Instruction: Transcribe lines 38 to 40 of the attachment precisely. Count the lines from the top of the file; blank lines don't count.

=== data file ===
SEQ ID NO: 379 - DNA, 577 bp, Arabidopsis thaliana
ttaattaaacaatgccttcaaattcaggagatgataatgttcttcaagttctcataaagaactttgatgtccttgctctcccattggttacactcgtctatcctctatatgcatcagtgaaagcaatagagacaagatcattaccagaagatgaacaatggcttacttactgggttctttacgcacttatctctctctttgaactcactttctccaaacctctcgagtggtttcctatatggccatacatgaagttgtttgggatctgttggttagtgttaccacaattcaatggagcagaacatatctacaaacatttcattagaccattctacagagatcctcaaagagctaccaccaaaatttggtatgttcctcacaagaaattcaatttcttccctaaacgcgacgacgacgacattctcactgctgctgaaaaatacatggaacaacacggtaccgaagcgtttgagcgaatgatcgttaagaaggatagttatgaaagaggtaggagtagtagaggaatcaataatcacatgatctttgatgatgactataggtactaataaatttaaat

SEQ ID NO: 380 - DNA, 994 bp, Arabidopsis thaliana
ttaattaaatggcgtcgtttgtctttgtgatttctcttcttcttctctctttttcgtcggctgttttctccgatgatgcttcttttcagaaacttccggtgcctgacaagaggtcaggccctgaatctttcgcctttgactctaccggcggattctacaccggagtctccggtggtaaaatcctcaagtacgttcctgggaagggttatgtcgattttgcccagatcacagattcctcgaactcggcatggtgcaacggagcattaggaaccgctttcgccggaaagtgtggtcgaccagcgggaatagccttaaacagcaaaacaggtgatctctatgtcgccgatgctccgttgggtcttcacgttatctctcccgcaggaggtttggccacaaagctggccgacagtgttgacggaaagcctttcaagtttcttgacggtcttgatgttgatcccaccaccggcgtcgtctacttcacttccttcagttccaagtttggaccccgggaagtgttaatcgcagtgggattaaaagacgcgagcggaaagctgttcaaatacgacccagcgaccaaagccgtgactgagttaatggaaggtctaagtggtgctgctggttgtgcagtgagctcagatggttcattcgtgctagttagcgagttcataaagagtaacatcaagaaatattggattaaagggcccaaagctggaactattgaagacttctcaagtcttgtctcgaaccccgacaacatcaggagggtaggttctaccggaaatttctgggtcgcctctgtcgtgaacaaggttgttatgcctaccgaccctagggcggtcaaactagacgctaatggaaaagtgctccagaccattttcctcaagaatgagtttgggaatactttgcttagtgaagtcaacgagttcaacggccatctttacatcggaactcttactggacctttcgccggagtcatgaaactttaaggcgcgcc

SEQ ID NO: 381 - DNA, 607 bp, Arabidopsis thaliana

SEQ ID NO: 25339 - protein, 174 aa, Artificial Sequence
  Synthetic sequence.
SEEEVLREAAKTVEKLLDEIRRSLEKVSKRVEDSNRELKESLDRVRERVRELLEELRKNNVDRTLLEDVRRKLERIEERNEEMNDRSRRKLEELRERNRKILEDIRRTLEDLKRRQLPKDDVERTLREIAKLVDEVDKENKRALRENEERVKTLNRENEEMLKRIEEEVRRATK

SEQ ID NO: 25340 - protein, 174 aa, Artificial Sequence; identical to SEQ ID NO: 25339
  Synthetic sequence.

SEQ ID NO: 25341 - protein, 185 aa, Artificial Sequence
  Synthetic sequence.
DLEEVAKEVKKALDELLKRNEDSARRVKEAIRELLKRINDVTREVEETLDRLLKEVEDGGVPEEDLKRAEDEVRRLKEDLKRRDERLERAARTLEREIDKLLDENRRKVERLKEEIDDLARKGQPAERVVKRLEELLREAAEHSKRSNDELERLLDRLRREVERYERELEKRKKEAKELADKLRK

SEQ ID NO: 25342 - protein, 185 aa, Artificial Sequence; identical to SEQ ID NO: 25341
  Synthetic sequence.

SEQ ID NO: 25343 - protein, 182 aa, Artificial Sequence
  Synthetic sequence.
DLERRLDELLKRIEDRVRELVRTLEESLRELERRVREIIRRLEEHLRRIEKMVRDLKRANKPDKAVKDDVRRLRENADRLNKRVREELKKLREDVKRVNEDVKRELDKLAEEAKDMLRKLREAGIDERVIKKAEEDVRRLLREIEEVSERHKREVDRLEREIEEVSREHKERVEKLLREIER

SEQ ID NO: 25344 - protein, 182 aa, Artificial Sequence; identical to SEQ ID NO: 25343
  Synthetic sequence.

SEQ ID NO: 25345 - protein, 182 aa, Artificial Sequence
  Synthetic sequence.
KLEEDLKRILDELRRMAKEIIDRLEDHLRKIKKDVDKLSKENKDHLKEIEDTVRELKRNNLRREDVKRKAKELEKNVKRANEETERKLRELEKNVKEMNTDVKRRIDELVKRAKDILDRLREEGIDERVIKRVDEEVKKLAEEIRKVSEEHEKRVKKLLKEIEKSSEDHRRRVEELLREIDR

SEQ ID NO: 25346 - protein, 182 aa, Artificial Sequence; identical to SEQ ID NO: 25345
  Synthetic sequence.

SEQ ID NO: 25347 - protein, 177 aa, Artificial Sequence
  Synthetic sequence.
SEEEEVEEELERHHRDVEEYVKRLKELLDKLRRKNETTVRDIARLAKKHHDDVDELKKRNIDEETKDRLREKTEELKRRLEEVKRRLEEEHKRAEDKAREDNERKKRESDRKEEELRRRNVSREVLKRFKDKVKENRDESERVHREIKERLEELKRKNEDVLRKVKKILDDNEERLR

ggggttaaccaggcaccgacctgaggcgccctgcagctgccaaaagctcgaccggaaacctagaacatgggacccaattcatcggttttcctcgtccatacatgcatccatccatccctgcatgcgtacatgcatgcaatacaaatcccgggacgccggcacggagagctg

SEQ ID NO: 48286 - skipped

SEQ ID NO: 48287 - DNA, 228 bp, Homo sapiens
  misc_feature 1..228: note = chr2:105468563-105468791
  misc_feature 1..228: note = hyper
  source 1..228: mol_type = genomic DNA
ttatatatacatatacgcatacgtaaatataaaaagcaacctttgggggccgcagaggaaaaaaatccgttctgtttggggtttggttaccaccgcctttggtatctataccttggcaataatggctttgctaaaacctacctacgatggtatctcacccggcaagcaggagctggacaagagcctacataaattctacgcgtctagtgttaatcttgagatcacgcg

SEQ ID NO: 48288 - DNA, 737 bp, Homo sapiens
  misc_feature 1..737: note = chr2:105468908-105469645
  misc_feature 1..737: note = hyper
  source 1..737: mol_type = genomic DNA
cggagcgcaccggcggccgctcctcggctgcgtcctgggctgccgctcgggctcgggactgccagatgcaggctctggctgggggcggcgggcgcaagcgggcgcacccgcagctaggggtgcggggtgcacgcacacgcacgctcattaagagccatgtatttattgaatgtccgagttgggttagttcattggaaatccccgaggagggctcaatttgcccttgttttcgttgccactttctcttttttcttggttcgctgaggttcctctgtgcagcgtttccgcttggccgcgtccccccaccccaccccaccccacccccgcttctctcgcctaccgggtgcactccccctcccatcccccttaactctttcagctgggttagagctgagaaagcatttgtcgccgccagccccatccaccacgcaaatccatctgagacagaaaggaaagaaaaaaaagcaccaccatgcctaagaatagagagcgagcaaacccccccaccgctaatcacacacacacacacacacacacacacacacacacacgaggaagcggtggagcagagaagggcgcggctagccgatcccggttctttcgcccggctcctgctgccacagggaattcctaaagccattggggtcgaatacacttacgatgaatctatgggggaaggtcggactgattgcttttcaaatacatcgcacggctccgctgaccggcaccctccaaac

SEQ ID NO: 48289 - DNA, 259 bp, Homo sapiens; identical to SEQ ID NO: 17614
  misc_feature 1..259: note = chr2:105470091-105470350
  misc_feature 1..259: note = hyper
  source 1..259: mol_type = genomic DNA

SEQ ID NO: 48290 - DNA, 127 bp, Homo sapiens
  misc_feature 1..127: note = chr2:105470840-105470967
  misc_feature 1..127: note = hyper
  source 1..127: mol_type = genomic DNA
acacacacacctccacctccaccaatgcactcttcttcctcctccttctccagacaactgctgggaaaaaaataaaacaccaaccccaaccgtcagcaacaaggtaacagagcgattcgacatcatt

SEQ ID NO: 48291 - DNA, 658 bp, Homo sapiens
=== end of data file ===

  misc_feature 1..737: note = hyper
  source 1..737: mol_type = genomic DNA
cggagcgcaccggcggccgctcctcggctgcgtcctgggctgccgctcgggctcgggactgccagatgcaggctctggctgggggcggcgggcgcaagcgggcgcacccgcagctaggggtgcggggtgcacgcacacgcacgctcattaagagccatgtatttattgaatgtccgagttgggttagttcattggaaatccccgaggagggctcaatttgcccttgttttcgttgccactttctcttttttcttggttcgctgaggttcctctgtgcagcgtttccgcttggccgcgtccccccaccccaccccaccccacccccgcttctctcgcctaccgggtgcactccccctcccatcccccttaactctttcagctgggttagagctgagaaagcatttgtcgccgccagccccatccaccacgcaaatccatctgagacagaaaggaaagaaaaaaaagcaccaccatgcctaagaatagagagcgagcaaacccccccaccgctaatcacacacacacacacacacacacacacacacacacacgaggaagcggtggagcagagaagggcgcggctagccgatcccggttctttcgcccggctcctgctgccacagggaattcctaaagccattggggtcgaatacacttacgatgaatctatgggggaaggtcggactgattgcttttcaaatacatcgcacggctccgctgaccggcaccctccaaac